How? Amish from ALL OVER flocked to Missouri in order to ‘Love thier nieghbor’. In less than two weeks, every destroyed house was totally replaced and the school completely rebuilty. There was no waiting on or bickering with insurance companies over what was covered and what wasn’t. Strictly neighbors coming to the rescue of the others. There was no ‘responsible party’ being spoke of. THere’s a problem, let’ fix it. Simply. Again, an amazing concept, the ‘community’ coming together to take care of it’s own!! Amazing!!!

          Morality??? Laughable to say the least!!! PLEASE< PLEASE, DON"T GET ME STARTED!!!
          Divorce rate of our society over 50%… there is no 'morals' I care to be associated with there.

          Fighting for the 'sanctity of marriage'?? Give me a freaking break!!!! I think 'divorce' just might not be 'fighting for the sanctity of marriage'.

          "Right to life"??? Really??? I love speaking with these 'idiots'.. and yes I said it, IDIOTS!! If they do not have 'skin in the game', I just perfer they keep thier little moralistic mouth closed!!! Do you know anything about our foster system??? I do, as a 19 year old 'victim' of our foster system sleeps in my house.

          These moralistic people fighting to protect the 'sanctity of life' with thier precious signs in front of abortion clinics. Personally, I despise abortion. Don't worry. But, I also have skin in the game… and he has a name, Khiry.

          This letter could go on forever!! And most likely, wasted time. God tricked me a little over 5 years ago with a homeless person.. that I didn't realize was homeless. At that time, my family opened a 'transitional living home' for homeless men, addicts, and excons. To say it's been an eye opener would be the biggest understatement ever.

          I would challenge you that there might be a little more fruit under some trees dedicated to helping people obtain thier dreams than under those trees dedicated to protecting the 'fertilizer'.

          Ignorance is bliss. I use to have a lot of it!!! That is, until I saw the 'reality' of the situations. If you ever dare, let me know, and I will be more than willing to take you on a field trip of sexual slaves, homeless veterans and kids, and numerous other detestable circumstance taking place right here in our society. If, you are able to remove the blinders for a minute, you will see there is little to no actual help or volunteers in this endeavor, but tons…doing exactly what you do.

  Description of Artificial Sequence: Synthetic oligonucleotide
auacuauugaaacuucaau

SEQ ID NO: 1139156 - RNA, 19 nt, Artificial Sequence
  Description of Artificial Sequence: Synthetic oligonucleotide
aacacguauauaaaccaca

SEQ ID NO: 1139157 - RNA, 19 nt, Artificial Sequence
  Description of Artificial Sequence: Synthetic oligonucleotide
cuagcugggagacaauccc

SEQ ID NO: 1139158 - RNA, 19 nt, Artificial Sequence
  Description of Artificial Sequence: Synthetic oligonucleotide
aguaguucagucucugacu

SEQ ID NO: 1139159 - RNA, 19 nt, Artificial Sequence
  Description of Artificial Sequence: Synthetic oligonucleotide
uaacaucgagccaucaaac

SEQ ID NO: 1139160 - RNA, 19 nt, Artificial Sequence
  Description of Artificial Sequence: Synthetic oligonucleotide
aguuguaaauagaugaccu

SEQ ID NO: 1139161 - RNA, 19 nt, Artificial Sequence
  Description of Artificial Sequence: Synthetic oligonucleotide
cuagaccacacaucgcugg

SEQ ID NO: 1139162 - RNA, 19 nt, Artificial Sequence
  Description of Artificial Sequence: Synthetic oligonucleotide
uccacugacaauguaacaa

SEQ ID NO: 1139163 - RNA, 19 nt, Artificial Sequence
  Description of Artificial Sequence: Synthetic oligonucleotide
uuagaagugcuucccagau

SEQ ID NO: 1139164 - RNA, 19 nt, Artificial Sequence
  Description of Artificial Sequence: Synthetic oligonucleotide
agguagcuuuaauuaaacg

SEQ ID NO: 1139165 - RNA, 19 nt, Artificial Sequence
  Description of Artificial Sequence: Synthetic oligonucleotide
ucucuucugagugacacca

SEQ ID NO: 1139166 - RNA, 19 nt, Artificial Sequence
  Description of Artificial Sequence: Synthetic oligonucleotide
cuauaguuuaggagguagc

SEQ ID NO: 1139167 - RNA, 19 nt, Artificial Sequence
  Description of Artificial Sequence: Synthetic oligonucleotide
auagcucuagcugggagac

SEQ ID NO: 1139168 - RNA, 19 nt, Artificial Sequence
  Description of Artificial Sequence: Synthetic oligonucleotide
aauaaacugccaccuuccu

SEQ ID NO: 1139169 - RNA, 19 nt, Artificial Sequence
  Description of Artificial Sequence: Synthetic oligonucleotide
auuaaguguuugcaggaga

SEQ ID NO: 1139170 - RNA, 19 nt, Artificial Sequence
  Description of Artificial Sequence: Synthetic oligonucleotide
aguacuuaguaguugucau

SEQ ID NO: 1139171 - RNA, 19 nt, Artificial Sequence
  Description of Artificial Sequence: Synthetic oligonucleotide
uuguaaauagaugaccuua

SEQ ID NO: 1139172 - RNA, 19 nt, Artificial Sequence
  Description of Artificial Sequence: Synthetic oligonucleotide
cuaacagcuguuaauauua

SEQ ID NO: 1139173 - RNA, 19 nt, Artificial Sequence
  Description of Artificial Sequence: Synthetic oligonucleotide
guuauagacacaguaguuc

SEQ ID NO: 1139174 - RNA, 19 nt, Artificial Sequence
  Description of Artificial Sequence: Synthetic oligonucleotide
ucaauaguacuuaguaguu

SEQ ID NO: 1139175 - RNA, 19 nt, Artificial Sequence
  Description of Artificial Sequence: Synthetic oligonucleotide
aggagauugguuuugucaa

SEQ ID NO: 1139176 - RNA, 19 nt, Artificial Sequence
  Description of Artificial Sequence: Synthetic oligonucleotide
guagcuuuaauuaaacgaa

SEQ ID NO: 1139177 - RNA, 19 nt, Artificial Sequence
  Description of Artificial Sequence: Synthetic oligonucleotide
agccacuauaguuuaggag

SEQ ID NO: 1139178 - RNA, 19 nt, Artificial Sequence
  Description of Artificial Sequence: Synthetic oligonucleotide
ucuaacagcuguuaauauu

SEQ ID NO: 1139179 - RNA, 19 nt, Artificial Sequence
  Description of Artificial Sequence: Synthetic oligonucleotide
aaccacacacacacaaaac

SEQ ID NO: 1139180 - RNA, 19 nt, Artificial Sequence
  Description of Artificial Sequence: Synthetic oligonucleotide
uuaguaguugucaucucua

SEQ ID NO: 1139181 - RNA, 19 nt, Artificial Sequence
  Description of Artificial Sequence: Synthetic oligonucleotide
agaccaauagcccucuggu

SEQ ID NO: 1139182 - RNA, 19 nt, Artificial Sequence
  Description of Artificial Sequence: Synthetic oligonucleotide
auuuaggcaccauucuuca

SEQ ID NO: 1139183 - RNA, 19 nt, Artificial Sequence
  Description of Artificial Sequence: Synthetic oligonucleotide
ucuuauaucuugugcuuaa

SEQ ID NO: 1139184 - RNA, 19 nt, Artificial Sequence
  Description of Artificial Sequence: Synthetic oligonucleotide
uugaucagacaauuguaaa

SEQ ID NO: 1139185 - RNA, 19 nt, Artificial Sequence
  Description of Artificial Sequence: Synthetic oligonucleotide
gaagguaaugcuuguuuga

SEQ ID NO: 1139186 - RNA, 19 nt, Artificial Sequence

In the Chronicle today, there is a story about the Nabor's executive donating $466,000 dollars. WOW!!! Amazing!!! Sounds awesome doesn't it!! Yet, in actuality, it's less than 3% of his wages. Now, that my friend, is a lot of 'compassion' and concern for society. That's what I see day after day, all the time complaining about 'taxes'. Give me a freaking break.

          • Troy,

            If it isn’t too much trouble, could you please copy and paste this comment in the thread for “The Morality of Governmet”? Mark Sussman authored the post, so he will be better positioned to reply to your comments on his piece.


  4. floyd says:

    I think we miss the big pitcher while looking at a portion of the pitcher. To me it seem as if big companies and gov has colaberated together at our expences. So OSHA and EPA adds one regulation after another with the penelty of fines, But who actually pays for these fines. If you watch the prices of the goods you buy in relation to the regulations imposed on the companies there is no question that we do.
    If there is an oil spill or fire on a rig the price of fuel goes up and does not go back down and if it does it is only for a short time for political reasons. We know that oil is not a huge profitable investment so why does our gov refuse to get it from under our own feet? I beleive it is because war and the act of protecting our investments (oil) is a whole lot more profitable. Why did Boeing move a lot of its contracted military production to China? Maybe because it is a whole lot easier for Wall Street to hind the war investments in forien investments. It seems as if we are being played as fools they are useing us as pawns bickering and fighting amonst ourselfs to keep our eyes off their prize. Its not one or the other but it is Gov, Wall Street, and the big corp.all in collusion with one a nother follow the dollar and allways question the gov in what they do. Remeber , governorment is a nessassry evil.

Leave a Reply

Fill in your details below or click an icon to log in: Logo

You are commenting using your account. Log Out /  Change )

Facebook photo

You are commenting using your Facebook account. Log Out /  Change )

Connecting to %s

This site uses Akismet to reduce spam. Learn how your comment data is processed.